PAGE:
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Old makeover plan dug up for new Mantralaya

Mantralaya is all set for a makeover, just the way architect Raja Aederi and PWD minister Chhagan Bhujbal had envisioned it, five years ago. Yesterday, Chief Minister Prithviraj Chavan sat through a detailed presentation on the Mantralaya makeover, which was made by Aederi, a renowned architect, who was officially appointed for the project in 2007.


Old wine, new bottle: Only a few changes have been made to the original 2007 plans — for instance, the makeover will not include construction of new ministers’ villas, or separate buildings to accommodate judges and senior government officers. The plans had to be dug out for revaluation after the June 21 blaze. Pic/Shadab Khan

The fresh plan is basically old wine in a new, more expensive bottle. Only a few changes have been made to the original 2007 plans — for instance, the makeover will not include construction of new ministers’ villas, or separate buildings to accommodate judges and senior government officers.

The project was caught in a political tug-of-war between the Congress and NCP for years, and was ultimately scrapped in April 2010 by Bhujbal.
The old proposal included renovation of Mantralaya, the new administrative building and Vidhan Bhavan, as well as construction of villas for ministers, residential towers for judges and senior officers, an MLA Hostel, government rest house and a separate building for the offices of political parties. Eventually, the bidding process was challenged in the Bombay High Court. Ashok Chavan, the then CM, was also not keen on the proposed plan. Instead, he had asked MMRDA to draft a fresh plan and the project fell into a state of limbo.

Plan of action
The plans had to be dug out for revaluation after the June 21 blaze. After going through the presentation yesterday, Chavan was said to have been quite impressed with the plan. He suggested a fool-proof makeover, keeping in mind future requirements and the safety angle.

He is also believed to have asked officials to ensure a world-class fire fighting system and electrification of the building.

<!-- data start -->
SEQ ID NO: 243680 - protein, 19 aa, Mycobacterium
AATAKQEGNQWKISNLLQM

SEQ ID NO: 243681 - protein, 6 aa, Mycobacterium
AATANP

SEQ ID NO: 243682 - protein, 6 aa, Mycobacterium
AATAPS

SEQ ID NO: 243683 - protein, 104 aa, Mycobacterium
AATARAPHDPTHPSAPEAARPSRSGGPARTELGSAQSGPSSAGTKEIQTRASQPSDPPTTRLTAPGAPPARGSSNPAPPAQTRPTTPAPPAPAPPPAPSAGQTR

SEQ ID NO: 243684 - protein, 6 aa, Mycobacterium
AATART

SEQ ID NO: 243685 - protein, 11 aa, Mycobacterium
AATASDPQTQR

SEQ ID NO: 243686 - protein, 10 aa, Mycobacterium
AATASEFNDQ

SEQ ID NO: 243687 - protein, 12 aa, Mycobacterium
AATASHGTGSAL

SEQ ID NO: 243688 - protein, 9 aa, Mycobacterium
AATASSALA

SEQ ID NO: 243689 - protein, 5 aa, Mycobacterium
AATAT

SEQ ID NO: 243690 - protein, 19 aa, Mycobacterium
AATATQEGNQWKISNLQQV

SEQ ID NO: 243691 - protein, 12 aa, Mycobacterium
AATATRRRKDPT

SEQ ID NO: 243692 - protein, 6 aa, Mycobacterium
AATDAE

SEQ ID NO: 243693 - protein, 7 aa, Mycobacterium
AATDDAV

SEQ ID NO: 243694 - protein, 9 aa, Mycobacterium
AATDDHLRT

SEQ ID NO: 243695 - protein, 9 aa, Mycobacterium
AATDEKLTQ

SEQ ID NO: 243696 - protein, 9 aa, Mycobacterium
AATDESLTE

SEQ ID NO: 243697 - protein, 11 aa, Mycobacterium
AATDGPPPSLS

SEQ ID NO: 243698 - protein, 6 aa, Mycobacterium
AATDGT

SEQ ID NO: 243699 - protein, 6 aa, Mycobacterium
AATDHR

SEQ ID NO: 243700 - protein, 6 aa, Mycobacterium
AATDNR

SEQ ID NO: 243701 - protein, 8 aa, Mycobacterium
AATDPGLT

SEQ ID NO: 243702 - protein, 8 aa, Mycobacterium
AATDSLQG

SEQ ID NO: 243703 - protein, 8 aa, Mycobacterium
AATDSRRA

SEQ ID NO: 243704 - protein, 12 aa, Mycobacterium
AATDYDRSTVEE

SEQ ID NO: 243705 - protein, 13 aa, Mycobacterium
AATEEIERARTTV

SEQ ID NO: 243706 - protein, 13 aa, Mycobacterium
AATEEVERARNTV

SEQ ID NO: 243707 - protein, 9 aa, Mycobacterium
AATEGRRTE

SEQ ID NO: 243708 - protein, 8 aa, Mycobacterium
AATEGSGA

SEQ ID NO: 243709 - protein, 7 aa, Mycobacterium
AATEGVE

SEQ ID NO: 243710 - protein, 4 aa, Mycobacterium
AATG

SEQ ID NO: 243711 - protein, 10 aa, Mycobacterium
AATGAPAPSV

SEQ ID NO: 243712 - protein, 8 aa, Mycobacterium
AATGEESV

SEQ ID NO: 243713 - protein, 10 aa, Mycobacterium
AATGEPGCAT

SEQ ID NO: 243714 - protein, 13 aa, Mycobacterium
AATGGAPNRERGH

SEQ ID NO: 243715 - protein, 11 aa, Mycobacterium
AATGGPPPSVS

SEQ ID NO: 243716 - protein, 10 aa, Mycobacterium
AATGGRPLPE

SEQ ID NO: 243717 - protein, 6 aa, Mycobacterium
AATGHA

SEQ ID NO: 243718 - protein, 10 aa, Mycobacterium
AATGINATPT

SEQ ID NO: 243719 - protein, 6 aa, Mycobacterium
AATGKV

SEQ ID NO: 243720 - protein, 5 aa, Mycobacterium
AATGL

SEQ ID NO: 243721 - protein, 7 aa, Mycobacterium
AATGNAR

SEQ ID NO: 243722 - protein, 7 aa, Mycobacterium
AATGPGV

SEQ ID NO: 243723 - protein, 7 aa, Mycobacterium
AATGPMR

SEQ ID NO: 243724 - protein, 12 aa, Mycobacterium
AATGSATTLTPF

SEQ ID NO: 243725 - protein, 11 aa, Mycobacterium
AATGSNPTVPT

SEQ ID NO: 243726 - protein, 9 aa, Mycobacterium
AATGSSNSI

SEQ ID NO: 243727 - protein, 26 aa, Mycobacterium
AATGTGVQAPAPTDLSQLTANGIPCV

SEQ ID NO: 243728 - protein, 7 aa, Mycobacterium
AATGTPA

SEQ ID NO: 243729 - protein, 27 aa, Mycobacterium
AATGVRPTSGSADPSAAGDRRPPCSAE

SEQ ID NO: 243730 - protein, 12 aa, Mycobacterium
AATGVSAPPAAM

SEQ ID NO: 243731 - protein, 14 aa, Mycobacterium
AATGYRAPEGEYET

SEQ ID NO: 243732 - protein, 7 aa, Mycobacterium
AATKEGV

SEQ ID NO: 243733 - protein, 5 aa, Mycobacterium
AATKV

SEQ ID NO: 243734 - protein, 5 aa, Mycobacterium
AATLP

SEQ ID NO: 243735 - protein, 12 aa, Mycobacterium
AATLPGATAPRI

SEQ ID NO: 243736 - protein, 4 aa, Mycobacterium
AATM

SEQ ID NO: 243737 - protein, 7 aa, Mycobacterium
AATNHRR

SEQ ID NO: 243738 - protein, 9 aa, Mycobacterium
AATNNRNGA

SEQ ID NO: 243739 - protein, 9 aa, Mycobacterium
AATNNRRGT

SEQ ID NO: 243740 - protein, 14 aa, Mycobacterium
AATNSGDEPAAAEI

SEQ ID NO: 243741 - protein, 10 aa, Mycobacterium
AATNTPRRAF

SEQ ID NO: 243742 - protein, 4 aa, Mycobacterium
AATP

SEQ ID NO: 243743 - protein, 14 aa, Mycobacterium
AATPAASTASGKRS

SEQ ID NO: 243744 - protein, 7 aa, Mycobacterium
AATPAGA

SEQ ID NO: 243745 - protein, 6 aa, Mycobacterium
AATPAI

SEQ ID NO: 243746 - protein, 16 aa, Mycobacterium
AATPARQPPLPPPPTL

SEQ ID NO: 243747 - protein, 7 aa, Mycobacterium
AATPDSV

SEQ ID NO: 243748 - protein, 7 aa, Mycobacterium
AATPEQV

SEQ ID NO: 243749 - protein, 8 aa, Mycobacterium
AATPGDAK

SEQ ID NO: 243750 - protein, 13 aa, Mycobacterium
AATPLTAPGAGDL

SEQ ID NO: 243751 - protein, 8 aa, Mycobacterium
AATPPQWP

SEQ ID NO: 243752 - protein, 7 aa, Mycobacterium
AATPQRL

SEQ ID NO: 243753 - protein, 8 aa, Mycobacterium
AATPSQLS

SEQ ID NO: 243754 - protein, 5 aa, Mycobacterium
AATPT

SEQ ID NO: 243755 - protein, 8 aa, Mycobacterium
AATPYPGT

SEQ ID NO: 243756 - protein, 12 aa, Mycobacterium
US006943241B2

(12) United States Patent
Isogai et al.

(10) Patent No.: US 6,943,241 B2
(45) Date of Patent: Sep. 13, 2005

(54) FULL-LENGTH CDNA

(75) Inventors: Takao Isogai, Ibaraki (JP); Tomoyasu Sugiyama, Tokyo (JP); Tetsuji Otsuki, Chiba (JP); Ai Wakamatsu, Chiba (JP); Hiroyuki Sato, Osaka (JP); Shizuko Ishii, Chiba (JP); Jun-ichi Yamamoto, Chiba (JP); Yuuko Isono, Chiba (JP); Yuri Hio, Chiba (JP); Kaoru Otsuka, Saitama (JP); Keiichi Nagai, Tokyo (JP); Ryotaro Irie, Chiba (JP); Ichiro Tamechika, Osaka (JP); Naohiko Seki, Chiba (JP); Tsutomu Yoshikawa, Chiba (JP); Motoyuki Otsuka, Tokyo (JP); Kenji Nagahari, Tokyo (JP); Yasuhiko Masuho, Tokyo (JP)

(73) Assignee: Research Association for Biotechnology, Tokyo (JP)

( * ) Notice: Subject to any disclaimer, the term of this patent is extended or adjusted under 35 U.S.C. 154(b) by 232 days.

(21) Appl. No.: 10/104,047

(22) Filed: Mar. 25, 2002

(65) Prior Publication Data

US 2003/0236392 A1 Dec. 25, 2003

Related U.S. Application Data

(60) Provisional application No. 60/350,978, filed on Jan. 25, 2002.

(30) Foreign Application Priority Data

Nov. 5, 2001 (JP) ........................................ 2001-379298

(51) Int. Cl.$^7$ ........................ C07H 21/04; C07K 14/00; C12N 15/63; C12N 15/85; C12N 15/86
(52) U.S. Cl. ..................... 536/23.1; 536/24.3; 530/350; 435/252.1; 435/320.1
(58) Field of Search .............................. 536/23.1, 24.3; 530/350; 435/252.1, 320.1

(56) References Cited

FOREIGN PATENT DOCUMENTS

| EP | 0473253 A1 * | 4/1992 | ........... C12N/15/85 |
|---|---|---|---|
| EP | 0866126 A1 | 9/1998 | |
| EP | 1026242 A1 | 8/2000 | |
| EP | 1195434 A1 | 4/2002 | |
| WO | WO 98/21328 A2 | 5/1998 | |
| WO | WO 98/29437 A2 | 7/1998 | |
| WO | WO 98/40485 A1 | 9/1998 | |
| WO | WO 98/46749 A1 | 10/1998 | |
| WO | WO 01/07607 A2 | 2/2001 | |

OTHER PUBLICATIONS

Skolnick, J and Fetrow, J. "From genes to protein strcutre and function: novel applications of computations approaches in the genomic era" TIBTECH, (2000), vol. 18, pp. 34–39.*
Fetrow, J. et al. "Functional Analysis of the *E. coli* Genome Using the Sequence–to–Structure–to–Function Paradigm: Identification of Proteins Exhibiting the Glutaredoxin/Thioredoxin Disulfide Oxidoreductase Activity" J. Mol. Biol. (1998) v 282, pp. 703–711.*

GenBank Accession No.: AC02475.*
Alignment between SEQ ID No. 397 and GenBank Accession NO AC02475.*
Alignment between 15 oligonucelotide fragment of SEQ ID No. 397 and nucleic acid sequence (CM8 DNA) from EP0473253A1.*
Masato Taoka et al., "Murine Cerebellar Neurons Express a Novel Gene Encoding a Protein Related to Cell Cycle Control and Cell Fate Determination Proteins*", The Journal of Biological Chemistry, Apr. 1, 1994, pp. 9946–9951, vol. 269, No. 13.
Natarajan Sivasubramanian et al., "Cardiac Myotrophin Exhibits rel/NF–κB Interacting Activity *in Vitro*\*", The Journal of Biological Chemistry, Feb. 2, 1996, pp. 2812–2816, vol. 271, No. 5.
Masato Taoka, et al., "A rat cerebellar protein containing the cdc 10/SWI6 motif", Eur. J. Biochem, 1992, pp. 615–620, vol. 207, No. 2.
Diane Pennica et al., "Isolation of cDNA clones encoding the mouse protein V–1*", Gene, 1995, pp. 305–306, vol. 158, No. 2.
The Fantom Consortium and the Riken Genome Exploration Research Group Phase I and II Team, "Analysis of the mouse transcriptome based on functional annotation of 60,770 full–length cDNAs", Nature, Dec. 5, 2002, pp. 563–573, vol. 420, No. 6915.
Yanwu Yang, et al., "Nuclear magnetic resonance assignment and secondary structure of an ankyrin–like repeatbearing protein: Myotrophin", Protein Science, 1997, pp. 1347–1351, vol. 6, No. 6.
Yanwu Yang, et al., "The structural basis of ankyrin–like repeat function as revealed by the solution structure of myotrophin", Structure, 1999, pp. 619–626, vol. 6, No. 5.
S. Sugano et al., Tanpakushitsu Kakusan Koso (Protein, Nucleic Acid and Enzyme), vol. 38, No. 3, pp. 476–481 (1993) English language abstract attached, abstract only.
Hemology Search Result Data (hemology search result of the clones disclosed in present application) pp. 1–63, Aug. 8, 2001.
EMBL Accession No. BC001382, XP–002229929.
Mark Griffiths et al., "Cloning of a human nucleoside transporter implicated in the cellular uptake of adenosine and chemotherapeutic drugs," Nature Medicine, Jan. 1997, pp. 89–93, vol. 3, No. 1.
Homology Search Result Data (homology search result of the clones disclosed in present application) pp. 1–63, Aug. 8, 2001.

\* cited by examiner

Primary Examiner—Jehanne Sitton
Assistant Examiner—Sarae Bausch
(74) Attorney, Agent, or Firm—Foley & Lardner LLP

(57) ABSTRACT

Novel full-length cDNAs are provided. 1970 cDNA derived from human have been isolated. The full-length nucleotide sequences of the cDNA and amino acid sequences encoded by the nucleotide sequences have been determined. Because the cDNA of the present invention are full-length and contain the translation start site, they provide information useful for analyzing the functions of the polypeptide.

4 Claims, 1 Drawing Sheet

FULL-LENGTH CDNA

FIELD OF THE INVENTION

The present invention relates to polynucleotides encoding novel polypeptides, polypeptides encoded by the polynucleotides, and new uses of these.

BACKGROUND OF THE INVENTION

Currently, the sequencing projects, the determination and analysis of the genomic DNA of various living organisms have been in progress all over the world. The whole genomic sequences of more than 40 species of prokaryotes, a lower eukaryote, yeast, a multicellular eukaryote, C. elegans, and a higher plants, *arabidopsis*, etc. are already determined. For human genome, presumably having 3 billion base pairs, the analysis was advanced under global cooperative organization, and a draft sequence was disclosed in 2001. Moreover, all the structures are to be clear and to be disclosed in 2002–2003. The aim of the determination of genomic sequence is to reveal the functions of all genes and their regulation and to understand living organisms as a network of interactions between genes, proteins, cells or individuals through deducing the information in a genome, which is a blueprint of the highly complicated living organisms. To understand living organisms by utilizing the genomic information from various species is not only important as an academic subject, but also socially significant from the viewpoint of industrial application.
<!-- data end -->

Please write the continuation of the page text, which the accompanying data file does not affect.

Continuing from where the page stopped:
According to the plan, the building will have six capsule lifts and escalators, along with the existing 16 lifts. Each department will have composite offices, unlike in the present system, where chambers are arranged on both sides of each floor, separated by a corridor.

Instead, all the chambers of the same department will be on one side, while entrances and lifts will be provided from the central courtyard of the main building and open courtyard in the annex building.

The building will get a central air-conditioning system with the latest fire detection technology and fire fighting equipment such as powder sprinklers. A government official added that a new parking lot will also be developed to avoid vehicular congestion in the state headquarters.
Costly

As per the plan devised in 2008-09, the Mantralaya makeover project alone was estimated to cost Rs 325 crore. But, as per the current price index, the cost may be ratcheted up to over Rs 400 crore, say officials.

As of now, the government’s priority is for renovation of the fourth, fifth and sixth floors that were ravaged in the June 21 blaze. This project alone would cost Rs 50 crore for structural strengthening and reconstruction of toilets. The electrification, fire fighting system, computerisation, modular furniture, interior works in ministers’ chambers and secretaries will require additional cost, officials added. 

Did you know?
Built in 1955, Mantralaya is the administrative headquarters of the state government. It was earlier known as Sachivalaya (Sachiv - Secretary, Alaya - House, meaning Secretariat). Mantralaya is a seven-storeyed structure, housing most of the state government departments. The Chief Minister and Deputy Chief Minister sit on the sixth floor. The Chief Secretary, the topmost bureaucrat, sits on the fifth floor.

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